OK, I checked Valkee's website! Feb 2014

OK, I checked Valkee’s website! Feb 2014


“2. Valkee’s marketing is illegal and officials cracked down on this.
I’ve had three roles at Valkee since 2009: investor, CEO and member of the board. During this time, the overseeing authorities never notified Valkee about any violation, and we were not forced to modify our marketing. I personally felt that the cooperation with the authorities – Valvira, VTT, and the equivalent bodies abroad – was really constructive and professional.

“The rumour about an official crackdown on Valkee’s marketing began with an YLE radio reporter, had swolen in YLE’s web service and was translated into english in the end. The reporter had obviously read the blog of a certain noisy skeptic and mistook it for a reliable source. YLE modified the story upon our request, but the damage was already done: Noisy skeptics repeated the thing, which was then taken up by the mass media as a truth, they did not bother to check it. Fortunately, the world’s supervising authorities for medical devices consider research instead of hearsay.

“3. Valkee’s efficacy was not demonstrated, and light does not reach the brain.
It takes a lot to say, that two trials in winter depression, which showed a 74-92% treatment response, a double-blind anxiety study, and a controlled trial on cognitive performance would not demonstrate, that a person’s mood elevates while using Valkee. It is also a bold claim, that light does not reach the brain via the ear canal, when a double-blind MRI study showed an activation of the brain without any light passing to the eye. These results cannot simply be coincidential, or a placebo effect. Sometimes it feels like also objective persons are losing their capability to understand things, painting all just black and white from their dugouts.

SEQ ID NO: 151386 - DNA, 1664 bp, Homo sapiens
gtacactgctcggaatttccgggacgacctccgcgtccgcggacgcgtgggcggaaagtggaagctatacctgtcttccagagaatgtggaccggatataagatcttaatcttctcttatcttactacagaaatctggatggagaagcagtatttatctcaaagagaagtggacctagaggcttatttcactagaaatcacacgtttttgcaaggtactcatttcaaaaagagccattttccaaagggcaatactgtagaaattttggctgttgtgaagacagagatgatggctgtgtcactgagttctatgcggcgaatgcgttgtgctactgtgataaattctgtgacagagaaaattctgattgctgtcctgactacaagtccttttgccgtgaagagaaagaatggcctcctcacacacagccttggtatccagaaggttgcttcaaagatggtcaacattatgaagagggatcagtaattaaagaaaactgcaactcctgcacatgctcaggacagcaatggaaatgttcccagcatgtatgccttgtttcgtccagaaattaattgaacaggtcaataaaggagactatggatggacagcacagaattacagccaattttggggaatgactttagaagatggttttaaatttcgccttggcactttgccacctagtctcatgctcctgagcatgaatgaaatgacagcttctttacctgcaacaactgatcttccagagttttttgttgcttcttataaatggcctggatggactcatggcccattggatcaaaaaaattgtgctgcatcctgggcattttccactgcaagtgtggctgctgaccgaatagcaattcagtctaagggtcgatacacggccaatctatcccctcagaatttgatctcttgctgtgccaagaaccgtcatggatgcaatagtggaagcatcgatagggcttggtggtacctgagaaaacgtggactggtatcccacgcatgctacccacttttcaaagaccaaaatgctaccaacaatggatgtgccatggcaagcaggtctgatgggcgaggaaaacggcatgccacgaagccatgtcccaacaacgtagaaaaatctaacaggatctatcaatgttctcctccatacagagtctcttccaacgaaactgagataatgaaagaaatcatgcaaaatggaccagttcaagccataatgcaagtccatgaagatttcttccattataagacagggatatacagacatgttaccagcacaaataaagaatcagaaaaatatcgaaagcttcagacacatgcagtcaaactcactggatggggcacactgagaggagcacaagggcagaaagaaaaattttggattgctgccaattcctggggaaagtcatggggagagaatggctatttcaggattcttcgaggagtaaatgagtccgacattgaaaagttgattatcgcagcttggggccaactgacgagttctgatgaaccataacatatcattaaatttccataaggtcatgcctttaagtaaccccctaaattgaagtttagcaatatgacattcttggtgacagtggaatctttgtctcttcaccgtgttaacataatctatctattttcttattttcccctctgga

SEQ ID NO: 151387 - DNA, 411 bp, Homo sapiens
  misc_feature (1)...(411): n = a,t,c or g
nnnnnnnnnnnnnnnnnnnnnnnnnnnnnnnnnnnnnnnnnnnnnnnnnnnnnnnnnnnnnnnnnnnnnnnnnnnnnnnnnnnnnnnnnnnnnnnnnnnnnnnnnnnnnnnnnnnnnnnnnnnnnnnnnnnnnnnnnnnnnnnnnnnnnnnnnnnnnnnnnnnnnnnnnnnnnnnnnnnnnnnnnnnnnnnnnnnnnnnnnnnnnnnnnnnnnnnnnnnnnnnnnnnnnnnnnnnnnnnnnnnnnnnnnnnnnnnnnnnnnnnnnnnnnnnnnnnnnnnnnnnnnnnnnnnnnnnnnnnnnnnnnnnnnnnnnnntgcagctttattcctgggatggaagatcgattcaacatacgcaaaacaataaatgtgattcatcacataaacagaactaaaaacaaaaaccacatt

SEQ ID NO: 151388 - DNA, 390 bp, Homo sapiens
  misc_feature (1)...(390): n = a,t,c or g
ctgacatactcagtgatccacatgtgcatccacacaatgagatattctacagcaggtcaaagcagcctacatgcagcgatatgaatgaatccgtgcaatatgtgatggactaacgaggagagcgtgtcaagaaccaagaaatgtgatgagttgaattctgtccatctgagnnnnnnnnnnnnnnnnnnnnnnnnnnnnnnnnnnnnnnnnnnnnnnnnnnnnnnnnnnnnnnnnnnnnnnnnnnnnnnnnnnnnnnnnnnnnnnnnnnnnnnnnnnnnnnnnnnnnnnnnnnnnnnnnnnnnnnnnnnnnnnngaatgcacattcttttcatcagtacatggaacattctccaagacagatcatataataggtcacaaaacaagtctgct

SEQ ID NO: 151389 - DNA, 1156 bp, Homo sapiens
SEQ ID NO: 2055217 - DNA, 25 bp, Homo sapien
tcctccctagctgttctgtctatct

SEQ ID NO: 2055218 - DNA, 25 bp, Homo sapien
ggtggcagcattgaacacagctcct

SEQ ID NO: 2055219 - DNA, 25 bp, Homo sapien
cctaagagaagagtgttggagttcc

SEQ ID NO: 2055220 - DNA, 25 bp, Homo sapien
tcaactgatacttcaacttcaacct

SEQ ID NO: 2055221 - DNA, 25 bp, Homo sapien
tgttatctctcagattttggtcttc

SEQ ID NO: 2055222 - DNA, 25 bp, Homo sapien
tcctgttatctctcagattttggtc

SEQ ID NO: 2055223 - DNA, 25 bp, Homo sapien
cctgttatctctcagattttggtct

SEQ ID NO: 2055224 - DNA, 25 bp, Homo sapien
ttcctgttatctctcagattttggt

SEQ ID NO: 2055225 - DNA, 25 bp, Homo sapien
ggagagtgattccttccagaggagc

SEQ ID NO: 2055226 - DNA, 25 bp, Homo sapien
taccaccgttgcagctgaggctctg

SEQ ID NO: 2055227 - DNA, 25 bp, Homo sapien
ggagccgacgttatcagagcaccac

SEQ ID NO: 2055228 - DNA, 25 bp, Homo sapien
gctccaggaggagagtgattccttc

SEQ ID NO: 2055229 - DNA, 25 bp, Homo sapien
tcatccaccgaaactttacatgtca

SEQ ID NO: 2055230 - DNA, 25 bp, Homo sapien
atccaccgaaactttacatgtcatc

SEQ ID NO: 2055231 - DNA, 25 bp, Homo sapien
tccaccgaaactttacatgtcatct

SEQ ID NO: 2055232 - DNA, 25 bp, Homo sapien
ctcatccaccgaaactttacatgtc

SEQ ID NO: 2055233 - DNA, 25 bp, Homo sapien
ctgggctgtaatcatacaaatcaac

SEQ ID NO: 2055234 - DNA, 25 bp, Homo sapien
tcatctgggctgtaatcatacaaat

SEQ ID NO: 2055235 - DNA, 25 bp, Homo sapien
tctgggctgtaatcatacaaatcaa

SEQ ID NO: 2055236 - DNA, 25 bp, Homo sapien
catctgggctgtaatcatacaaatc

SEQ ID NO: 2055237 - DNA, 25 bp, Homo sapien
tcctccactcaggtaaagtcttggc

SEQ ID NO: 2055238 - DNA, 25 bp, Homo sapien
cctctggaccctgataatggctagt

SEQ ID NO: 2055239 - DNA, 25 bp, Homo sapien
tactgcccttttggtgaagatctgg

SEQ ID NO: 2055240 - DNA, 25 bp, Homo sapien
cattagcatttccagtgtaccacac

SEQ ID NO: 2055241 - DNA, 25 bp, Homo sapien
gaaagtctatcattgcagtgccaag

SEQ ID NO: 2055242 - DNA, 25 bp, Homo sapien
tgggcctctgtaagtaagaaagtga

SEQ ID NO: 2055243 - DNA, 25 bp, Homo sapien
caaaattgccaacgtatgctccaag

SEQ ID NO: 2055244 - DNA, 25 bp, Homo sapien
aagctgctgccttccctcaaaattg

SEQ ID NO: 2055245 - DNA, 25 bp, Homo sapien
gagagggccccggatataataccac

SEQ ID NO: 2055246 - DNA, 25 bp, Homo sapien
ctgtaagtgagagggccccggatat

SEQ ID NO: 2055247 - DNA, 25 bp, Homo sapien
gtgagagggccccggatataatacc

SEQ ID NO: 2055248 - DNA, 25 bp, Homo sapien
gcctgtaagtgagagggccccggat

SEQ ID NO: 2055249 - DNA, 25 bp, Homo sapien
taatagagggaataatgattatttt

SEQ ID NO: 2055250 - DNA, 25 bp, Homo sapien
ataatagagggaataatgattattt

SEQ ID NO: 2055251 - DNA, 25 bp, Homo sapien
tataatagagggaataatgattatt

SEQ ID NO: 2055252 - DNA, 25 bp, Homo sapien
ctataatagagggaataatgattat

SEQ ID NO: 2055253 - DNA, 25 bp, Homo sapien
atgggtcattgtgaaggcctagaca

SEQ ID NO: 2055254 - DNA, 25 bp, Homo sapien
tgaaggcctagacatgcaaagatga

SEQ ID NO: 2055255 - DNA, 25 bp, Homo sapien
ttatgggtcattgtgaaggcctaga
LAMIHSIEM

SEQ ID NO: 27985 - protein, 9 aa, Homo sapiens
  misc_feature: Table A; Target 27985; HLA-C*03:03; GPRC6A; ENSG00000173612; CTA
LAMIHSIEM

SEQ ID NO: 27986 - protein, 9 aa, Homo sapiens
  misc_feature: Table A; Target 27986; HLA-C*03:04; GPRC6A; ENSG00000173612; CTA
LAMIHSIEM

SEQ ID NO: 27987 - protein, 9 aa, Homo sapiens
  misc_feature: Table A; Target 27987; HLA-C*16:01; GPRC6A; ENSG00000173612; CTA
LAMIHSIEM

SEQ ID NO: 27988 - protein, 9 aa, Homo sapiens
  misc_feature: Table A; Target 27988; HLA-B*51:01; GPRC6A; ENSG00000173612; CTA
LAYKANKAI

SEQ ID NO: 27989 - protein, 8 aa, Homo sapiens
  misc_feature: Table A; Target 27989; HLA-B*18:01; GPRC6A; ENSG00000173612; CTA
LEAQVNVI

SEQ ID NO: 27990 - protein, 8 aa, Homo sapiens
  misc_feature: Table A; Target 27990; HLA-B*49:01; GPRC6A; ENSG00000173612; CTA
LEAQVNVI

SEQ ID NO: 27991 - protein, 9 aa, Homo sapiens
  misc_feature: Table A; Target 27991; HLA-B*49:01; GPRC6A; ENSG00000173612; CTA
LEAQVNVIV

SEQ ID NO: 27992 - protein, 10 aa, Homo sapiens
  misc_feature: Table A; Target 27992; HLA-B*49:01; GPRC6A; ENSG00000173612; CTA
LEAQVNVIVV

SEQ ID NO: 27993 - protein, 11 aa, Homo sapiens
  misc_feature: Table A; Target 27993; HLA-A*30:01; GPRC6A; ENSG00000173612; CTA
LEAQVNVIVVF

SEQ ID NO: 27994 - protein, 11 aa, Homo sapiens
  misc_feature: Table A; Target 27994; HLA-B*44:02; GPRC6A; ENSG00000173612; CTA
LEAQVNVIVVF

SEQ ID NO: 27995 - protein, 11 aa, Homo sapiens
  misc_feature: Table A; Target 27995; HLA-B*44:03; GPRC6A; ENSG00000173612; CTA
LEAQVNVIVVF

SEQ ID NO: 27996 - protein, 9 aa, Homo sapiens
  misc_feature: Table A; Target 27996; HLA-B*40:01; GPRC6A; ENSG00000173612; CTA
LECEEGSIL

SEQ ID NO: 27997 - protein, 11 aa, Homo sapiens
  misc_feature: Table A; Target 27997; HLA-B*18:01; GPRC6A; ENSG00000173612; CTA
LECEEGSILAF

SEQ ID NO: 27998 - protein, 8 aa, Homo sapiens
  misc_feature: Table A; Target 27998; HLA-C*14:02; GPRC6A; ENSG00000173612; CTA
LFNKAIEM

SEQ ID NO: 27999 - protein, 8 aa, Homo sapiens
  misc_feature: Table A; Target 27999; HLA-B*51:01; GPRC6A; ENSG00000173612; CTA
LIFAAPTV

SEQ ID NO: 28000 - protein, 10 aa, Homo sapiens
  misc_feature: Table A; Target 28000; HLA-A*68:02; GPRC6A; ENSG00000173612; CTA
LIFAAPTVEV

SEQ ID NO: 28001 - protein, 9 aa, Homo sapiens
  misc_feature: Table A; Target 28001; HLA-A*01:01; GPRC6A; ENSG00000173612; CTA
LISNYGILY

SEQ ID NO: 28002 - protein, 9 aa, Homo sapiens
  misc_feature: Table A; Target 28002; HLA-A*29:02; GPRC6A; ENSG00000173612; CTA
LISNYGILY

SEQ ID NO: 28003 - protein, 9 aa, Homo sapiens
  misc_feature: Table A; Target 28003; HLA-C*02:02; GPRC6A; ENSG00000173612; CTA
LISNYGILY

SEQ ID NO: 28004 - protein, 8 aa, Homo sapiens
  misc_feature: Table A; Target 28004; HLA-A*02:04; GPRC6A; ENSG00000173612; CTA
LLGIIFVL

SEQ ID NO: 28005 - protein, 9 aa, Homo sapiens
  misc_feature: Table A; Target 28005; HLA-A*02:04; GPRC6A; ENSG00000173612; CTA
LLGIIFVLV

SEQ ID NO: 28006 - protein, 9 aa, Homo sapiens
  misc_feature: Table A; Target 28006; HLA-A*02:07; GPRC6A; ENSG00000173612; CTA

“With the current media attitude, it is very simple to find always a new researcher to criticize Valkee’s studies. After all this rumble, when an academic is asked, he has no other choice than to comment, that more research is warranted. Nobody else than Valkee’s tenacious entrepreneurs and the brave researchers from the University of Oulu is ready to testify with their name. Against a common belief, besides the company’s founder Juuso Nissilä, they have no substantial commercial interests in the company.

“Valkee also made a number of traditional bright light researchers to declare war. That’s always happening in science: The discoverer of the New faces the resistance of the Old.

“Vivien Bromundt, of a swiss university, has made very aggressive remarks against Valkee on scientific conferences. She published a study in which a Valkee dose did not influence salivary melatonin or alertness. This melatonin response was already made public by the University of Oulu in 2012. It takes regular use, over 1-2 weeks, to get a treatment effect. We think that the Bromundt study is interesting, confirms what we knew before, and strengthens our idea of Valkee’s mechanism. But the media took up the skeptics’ interpretation and told, that now the first independent study showed that Valkee does not work. Nobody spent any effort to note that melatonin response is a different thing than effects on the mood, and that according to the trials you must use the device for a longer time. […]

“It is correct, that Valkee’s science and research is just in its beginning, but the evidence is already very strong. Of course, everything can be criticized. If somebody tells hat usual bright light is proven effective, and that it works through the eyes, then I can respond: show me a study, which demonstrates that bright light works only through the eyes. I tell you, such a study does not exist. In all bright light trials the whole head is illuminated by high power lamps. In science, you can’t take anything for granted, it goes ahead with new discoveries.

non-existent in hamsters - but in humans?

non-existent in hamsters – but in humans?

“Let’s cut the wings off those rumours. I invite all to discuss the very core of it. Without fury, without 1940’s propaganda attitude, and through objective lenses.”